Seyfarth Synopsis: In Ituah, et al. v. Austin State Hospital, a federal magistrate judge in Texas recently recommended the denial of a motion for class certification brought by patients alleging disability discrimination against a state psychiatric hospital for failing to make reasonable accommodations to protect them from sexual assault. The Court denied class certification on the grounds that that the named Plaintiff failed to demonstrate that other class members even existed.
For employers opposing motions for class certification, this ruling provides a helpful primer on why an individual plaintiff’s anecdotal allegations of intentional discrimination alone do not satisfy the requirements of Rule 23.
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In Ituah, et al., v. Austin State Hospital, et al., Case No. 18-CV-11 (W.D. Tex. Jan. 3, 2020), an adult female patient at Austin State Hospital (“ASH”) was purportedly raped by a male patient. After the incident was reported internally, no rape kit was conducted, the police were not notified, a staff member instructed the patient to “go take a shower,” and her bed sheets were not preserved as possible evidence. Id. at 2.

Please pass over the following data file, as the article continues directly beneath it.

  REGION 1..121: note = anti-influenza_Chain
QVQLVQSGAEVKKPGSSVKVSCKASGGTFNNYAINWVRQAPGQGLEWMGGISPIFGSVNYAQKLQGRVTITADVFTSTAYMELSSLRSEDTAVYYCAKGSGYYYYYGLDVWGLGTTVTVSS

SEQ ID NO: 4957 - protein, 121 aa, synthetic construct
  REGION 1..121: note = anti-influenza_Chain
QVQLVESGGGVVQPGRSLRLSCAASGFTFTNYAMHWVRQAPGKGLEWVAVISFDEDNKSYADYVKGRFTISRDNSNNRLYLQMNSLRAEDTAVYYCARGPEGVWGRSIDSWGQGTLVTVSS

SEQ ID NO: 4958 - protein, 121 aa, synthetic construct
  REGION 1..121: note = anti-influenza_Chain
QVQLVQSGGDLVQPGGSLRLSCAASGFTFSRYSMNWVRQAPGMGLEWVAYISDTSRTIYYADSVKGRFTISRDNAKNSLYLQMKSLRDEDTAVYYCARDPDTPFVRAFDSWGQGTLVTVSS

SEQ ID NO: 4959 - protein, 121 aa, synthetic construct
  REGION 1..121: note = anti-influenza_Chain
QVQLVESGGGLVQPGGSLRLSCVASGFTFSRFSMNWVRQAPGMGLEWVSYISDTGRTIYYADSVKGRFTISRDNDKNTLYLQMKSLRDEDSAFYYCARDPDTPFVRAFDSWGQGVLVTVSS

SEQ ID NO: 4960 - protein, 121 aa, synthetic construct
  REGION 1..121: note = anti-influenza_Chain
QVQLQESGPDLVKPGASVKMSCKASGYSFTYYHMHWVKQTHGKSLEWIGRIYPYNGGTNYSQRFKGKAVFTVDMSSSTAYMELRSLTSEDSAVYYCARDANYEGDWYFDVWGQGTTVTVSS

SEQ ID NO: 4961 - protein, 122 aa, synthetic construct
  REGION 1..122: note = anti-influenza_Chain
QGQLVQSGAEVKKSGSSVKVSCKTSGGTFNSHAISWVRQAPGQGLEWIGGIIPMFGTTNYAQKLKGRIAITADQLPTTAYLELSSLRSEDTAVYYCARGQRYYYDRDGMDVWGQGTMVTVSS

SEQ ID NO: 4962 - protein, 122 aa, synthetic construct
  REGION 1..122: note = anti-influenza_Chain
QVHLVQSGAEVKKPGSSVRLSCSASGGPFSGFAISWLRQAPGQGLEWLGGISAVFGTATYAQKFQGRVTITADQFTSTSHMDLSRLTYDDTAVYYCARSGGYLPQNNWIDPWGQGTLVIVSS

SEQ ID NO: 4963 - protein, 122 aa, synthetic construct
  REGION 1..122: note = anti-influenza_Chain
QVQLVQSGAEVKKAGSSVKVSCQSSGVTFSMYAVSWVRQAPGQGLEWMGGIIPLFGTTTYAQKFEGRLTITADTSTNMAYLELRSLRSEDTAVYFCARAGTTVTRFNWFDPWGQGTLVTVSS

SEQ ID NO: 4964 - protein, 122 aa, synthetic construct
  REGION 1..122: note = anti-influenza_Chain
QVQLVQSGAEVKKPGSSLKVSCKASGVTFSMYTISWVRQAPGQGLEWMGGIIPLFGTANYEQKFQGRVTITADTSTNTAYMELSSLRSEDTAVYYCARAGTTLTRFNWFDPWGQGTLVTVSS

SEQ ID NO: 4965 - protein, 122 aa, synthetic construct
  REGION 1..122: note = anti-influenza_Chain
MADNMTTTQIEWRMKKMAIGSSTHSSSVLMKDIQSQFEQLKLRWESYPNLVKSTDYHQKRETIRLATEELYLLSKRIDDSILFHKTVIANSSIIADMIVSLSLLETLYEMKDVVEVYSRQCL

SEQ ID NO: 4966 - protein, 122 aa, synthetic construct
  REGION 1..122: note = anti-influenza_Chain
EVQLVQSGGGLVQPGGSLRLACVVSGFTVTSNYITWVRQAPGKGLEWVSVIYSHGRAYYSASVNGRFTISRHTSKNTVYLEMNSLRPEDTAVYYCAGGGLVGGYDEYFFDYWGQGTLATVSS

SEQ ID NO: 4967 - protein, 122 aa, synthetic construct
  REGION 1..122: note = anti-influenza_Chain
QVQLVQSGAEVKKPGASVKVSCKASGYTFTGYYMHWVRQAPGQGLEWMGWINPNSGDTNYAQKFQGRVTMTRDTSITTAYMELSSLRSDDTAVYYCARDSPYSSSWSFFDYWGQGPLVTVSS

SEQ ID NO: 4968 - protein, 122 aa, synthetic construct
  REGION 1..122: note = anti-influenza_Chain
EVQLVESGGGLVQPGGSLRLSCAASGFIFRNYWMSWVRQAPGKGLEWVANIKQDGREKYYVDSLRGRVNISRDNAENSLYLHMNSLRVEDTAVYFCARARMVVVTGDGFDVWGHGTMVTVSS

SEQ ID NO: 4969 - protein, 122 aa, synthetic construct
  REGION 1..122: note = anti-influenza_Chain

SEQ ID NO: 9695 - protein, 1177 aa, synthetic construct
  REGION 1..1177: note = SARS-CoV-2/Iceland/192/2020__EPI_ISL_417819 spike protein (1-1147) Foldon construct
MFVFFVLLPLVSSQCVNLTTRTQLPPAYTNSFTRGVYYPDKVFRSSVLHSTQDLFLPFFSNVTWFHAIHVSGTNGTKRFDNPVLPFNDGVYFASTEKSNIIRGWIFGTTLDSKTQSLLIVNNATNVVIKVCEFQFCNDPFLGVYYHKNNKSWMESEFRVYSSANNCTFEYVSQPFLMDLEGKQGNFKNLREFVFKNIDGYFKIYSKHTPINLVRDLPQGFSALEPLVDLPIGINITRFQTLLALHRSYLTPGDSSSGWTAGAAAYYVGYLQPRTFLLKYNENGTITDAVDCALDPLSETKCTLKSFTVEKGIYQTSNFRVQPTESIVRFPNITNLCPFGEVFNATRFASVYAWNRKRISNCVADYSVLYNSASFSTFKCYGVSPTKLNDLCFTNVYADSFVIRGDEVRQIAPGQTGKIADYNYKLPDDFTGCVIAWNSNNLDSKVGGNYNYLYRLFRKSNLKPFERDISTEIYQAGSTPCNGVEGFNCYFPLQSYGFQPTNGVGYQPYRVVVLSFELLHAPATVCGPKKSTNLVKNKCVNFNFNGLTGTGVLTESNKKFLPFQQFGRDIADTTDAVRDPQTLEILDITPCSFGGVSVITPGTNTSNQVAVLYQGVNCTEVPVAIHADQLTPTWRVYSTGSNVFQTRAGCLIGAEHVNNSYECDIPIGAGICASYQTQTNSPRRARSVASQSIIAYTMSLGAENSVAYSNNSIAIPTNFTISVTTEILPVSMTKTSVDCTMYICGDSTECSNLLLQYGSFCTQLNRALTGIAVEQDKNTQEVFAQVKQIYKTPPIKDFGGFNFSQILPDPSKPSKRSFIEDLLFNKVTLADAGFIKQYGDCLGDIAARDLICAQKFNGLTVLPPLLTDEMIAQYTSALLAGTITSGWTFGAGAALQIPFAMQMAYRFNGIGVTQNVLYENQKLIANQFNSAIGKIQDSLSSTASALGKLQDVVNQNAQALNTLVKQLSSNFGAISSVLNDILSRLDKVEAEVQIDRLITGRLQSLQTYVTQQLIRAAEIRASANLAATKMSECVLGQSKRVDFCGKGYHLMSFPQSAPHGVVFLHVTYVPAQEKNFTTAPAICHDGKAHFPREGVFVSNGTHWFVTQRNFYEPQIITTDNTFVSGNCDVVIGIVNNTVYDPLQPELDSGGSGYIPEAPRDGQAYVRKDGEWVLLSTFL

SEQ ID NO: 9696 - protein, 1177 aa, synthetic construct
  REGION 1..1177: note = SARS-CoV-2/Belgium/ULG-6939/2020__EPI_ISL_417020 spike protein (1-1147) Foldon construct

Plaintiff brought individual and class claims that ASH violated Section 504 of the Rehabilitation Act and the Americans With Disabilities Act because it, “intentionally discriminated against [Plaintiff] and the Class on the basis of their disability by failing to make reasonable accommodations to protect them from sexual assault, by refusing to adequately investigate their reports of sexual assault, by failing to adequately train or supervise their agents and authorities in the proper prevention and investigation of sexual assaults at ASH, and by systemically discrediting reports of rapes at the ASH.” Id. at 4. She moved to certify two sub-classes under Rule 23(a) and 23(b)(2), including: (i) all women who were sexually assaulted in Austin State Hospital (the “Female Victim Sub-class”); and (ii) all patients who reported a sexual assault at Austin State Hospital but whose allegation was not adequately investigated by ASH because of ASH’s negligent and discriminatory policies (the “Inadequate Investigation Sub-class”).